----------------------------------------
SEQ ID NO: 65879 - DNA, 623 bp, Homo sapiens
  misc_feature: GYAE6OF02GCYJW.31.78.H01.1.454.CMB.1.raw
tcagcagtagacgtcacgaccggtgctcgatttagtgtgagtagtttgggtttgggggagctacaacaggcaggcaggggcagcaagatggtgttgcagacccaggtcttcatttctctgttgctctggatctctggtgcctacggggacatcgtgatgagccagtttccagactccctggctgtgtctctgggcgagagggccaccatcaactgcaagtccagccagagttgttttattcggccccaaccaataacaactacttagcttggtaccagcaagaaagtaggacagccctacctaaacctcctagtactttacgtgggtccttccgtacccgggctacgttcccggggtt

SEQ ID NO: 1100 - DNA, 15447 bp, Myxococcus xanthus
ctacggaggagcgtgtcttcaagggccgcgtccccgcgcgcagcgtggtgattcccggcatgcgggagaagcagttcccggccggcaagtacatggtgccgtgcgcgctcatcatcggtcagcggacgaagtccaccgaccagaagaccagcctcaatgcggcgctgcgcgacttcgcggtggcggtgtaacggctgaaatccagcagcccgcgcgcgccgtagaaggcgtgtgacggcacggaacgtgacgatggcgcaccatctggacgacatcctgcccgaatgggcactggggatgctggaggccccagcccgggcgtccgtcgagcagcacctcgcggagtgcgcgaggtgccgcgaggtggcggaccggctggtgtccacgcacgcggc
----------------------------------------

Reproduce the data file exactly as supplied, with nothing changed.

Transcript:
SEQ ID NO: 65879 - DNA, 623 bp, Homo sapiens
  misc_feature: GYAE6OF02GCYJW.31.78.H01.1.454.CMB.1.raw
tcagcagtagacgtcacgaccggtgctcgatttagtgtgagtagtttgggtttgggggagctacaacaggcaggcaggggcagcaagatggtgttgcagacccaggtcttcatttctctgttgctctggatctctggtgcctacggggacatcgtgatgagccagtttccagactccctggctgtgtctctgggcgagagggccaccatcaactgcaagtccagccagagttgttttattcggccccaaccaataacaactacttagcttggtaccagcaagaaagtaggacagccctacctaaacctcctagtactttacgtgggtccttccgtacccgggctacgttcccggggtt

SEQ ID NO: 1100 - DNA, 15447 bp, Myxococcus xanthus
ctacggaggagcgtgtcttcaagggccgcgtccccgcgcgcagcgtggtgattcccggcatgcgggagaagcagttcccggccggcaagtacatggtgccgtgcgcgctcatcatcggtcagcggacgaagtccaccgaccagaagaccagcctcaatgcggcgctgcgcgacttcgcggtggcggtgtaacggctgaaatccagcagcccgcgcgcgccgtagaaggcgtgtgacggcacggaacgtgacgatggcgcaccatctggacgacatcctgcccgaatgggcactggggatgctggaggccccagcccgggcgtccgtcgagcagcacctcgcggagtgcgcgaggtgccgcgaggtggcggaccggctggtgtccacgcacgcggc